A surfactant (surface active agent) molecule has two ends: a “hydrophilic” one (attraction to water) and a “hydrophobic” (not attracted to water) one.

Surfactants reduce G. Are used to make emulsions and to achieve “self assembly” (i.e. spontaneous organisation)

Types of Soft Matter: Surfactants

emulsion

“oil”

water

Interfacial tension,G

Typical G values for interfaces with water - carbon tetrachloride: 45 mN/m; benzene: 35 mN/m; octanol: 8.5 mN/m

slide13
Hydrophobicity and Hydrophilicity

q

water

solid

Hydrophilic

solid

solid

Fully wetting

water

qis <90

water

q

http://scottosmith.com/2007/10/03/water-beads/

Hydrophobic

qis >90

slide14
Contact Angle: Balance of Forces

Gwa

q

Gsa

Gsw

At equilibrium, lateral tensions must balance:

Three interfaces: solid/water (sw); water/air (wa); solid/air (sa)

Each interface has a surface tension:Gsw; Gwa; Gsa

Contact angle measurements thus provide information on surface tensions and the effect of surfactants.

slide15
Characteristics of Soft Matter (4 in total)

(1)Length scales between atomic and macroscopic

Top view

3 mm x 3 mmscan

Vertical scale = 200nm

Acrylic Latex Paint

Monodisperse Particle Size

Example of colloidal particles

typical length scales
Typical Length Scales
  • Atomic spacing: ~ 0.1 nm
  • “Pitch” of a DNA molecule: 3.4 nm
  • Diameter of a surfactant micelle: ~6-7 nm
  • Radius of a polymer molecule: ~10 nm
  • Diam. of a colloidal particle (e.g. in paint): ~200 nm
  • Bacteria cell: ~2 mm
  • Diameter of a human hair: ~80 mm
slide17
Poly(ethylene) crystal

Crystals of poly(ethylene oxide)

15 mm x 15 mm

5 mm x 5 mm

slide18
Spider Silk: An Example of a Hierarchical Structure

Amino acid units

P. Ball, Nanotechnology (2002) 13, R15-R28

intermediate length scales
Intermediate Length Scales
  • Mathematical descriptions of soft matter can ignore the atomic level.
  • “Mean field” approaches define an average energy or force imposed by the neighbouring molecules.
  • Physicists usually ignore the detailed chemical make-up of molecules; can treat molecules as “strings”, rods or discs.
slide20
Characteristics of Soft Matter

(2) The importance of thermal fluctuations and Brownian motion

Brownian motion can be though of as resulting from a slight imbalance of momentum being transferred between liquid molecules and a colloidal particle.

slide21
Vz

V

Vy

The kinetic energy for a particle of mass, m, is 1/2 mv2 = 3/2 kT. When m is small, v becomes significant.

Vx

Thermal fluctuations

  • Soft condensed matter is not static but in constant motion at the level of molecules and particles.
  • The “equipartition of energy” means that for each degree of freedom of a particle to move, there is 1/2kT of thermal energy.
  • For a colloidal particle able to undergo translation in the x, y and z directions, thermal energy is 3/2 kT.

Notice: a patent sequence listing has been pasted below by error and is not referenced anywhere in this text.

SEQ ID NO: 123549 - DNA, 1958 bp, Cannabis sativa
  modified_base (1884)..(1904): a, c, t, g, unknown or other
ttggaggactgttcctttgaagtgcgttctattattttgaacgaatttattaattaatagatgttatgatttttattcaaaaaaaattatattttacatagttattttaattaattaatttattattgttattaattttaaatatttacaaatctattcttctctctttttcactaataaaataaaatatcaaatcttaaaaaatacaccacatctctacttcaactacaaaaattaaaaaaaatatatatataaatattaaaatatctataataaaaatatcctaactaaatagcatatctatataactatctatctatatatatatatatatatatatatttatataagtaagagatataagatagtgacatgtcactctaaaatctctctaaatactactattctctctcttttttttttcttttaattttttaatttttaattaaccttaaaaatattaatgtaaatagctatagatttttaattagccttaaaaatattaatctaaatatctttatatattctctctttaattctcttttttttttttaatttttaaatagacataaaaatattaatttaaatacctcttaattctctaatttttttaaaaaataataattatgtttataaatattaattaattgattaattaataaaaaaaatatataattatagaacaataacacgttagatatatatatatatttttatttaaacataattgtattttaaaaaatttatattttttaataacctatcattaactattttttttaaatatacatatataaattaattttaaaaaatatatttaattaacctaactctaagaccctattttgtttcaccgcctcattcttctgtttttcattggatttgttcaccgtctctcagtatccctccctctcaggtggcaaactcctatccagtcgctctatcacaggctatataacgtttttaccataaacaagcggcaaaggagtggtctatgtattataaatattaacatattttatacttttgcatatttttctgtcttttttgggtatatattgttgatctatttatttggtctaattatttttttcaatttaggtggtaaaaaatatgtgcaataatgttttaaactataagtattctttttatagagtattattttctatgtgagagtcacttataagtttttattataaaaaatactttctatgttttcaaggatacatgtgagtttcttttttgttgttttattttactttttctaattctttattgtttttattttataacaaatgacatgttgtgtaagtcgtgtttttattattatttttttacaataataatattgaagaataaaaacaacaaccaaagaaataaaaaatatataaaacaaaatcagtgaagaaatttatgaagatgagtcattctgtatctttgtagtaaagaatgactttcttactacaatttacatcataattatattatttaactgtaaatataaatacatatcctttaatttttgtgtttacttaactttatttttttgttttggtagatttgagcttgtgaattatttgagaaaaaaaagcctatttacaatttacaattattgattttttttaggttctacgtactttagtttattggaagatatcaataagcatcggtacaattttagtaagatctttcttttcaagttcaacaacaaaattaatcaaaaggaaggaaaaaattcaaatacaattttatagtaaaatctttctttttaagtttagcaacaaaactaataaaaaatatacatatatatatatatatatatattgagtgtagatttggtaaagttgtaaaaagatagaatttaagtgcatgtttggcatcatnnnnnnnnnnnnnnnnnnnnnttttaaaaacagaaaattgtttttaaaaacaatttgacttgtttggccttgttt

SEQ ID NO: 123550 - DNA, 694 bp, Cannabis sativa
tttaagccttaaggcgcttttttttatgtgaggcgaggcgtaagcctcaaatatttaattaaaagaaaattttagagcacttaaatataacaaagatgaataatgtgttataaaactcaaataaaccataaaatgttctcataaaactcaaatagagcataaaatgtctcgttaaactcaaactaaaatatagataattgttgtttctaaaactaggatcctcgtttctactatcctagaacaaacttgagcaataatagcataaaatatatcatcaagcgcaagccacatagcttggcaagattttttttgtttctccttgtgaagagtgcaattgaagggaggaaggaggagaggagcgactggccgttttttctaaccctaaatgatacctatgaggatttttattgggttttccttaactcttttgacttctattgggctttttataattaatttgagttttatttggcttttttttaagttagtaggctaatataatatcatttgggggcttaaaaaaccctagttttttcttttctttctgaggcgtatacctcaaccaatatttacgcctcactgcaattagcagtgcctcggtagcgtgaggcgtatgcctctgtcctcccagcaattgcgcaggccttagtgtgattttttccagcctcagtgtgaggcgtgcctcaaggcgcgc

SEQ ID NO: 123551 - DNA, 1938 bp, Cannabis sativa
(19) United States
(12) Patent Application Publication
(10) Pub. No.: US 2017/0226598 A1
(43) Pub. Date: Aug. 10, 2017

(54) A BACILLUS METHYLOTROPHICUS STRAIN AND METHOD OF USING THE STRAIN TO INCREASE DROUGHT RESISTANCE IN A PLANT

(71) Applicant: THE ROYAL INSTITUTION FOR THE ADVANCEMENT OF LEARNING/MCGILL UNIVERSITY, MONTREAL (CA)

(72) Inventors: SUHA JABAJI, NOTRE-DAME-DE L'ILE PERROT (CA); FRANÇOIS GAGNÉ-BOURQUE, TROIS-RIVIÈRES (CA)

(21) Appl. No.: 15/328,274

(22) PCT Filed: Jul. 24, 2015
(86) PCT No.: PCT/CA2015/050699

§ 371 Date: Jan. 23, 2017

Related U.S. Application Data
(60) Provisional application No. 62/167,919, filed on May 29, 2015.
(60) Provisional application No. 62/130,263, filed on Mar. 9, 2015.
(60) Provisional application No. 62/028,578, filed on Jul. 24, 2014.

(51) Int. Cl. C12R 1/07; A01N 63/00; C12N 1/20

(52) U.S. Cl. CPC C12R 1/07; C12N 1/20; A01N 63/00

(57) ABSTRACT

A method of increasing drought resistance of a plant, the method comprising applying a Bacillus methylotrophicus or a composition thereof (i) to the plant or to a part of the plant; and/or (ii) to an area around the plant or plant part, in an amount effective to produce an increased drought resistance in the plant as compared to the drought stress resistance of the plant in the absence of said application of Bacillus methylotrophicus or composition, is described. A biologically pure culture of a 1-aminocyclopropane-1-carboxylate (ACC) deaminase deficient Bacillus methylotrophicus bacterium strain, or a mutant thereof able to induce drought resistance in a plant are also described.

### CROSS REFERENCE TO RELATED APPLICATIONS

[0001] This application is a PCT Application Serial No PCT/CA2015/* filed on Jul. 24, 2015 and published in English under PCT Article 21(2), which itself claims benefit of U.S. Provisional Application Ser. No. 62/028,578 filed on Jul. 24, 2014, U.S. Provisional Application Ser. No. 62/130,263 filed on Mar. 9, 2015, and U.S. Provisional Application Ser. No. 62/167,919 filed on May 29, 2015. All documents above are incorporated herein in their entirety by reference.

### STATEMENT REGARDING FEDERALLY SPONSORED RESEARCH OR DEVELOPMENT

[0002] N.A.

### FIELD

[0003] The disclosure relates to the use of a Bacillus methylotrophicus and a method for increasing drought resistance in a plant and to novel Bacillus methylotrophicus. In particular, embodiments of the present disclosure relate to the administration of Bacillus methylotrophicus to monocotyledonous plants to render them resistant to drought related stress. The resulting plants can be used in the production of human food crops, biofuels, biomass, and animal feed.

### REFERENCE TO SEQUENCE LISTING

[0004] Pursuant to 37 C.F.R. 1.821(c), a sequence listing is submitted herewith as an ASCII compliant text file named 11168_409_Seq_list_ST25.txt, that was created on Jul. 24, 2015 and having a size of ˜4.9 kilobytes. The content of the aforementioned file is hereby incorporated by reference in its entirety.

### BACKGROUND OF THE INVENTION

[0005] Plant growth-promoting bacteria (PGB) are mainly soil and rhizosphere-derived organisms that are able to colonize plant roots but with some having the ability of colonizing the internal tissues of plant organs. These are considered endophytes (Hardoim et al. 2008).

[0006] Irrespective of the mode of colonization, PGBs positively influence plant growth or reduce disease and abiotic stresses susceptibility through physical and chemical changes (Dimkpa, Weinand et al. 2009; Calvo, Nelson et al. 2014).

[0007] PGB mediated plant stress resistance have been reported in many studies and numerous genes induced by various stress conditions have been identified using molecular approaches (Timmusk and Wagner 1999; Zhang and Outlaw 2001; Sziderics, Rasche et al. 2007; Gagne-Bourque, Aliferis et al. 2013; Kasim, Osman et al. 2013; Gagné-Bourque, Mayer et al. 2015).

• k = 1.38 x 10-23 JK-1, so kT = 4 x 10-21 J per molecule at room temperature (300 K).
  • kT is a useful “gauge” of bond energy.
slide22
Thermal motion of a nano-sized beam
  • In atomic force microscopy, an ultra-sharp tip on the end of a silicon cantilever beam is used to probe a surface at the nano-scale. By how much is the beam deflected by thermal motion?
  • For AFM applications, the cantilever beam typically has a spring constant, kS, of ~ 10 N/m.
  • The energy required for deflection of the beam by a distance X is E = ½ kSX 2.
  • At a temperature of 300 K, the thermal energy, E, is on the order of kT = 6 x10-21 J.
  • This energy will cause an average deflection of the beam by X = (2E/kS)0.5 1 x 10-7 m or 100 nm.

100 mm x 30 mm x 2 mm

X

slide23
Characteristics of Soft Matter

(3)Tendency to self-assemble into hierarchical structures (i.e. ordered on size scales larger than molecular)

Image from IBM (taken from BBC website)

Two “blocks”

Diblock copolymer molecules spontaneously form a pattern in a thin film.

(If one phase is etched away, the film can be used for lithography.)

slide24
Poly(styrene) and poly(methyl methacrylate) copolymer

Polymer Self-Assembly

AFM image

Diblock copolymer

2mm x 2mm

Layers or “lamellae” form spontaneously in diblock copolymers.

slide25
DNA Base Pairs

Adenine (A) complements thymine (T) with its two H bonds at a certain spacing.

Guanine (G) complements cytosine (C) with its three H bonds at different spacings.

Example of DNA sequence:

ATCGAT TAGCTA

slide26
Designed Nanostructures from DNA

Strands of DNA only bind to those that are complementary. DNA can be designed so that it spontaneously creates desired structures.

N C Seeman 2003 Biochemistry42 7259-7269

slide27
Colloidosomes: Self-assembled colloidal particles

Colloidal particles (<1 mm)

Liquid B

Liquid A

A.D. Dinsmore et al., “Colloidosomes: Selectively Permeable Capsules Composed of Colloidal Particles,” Science, 298 (2002) p. 1006.

slide28
Hydrophilically-driven self-assembly of particles

I. Karakurt et al., Langmuir 22 (2006) 2415

slide29
Colloidal Crystals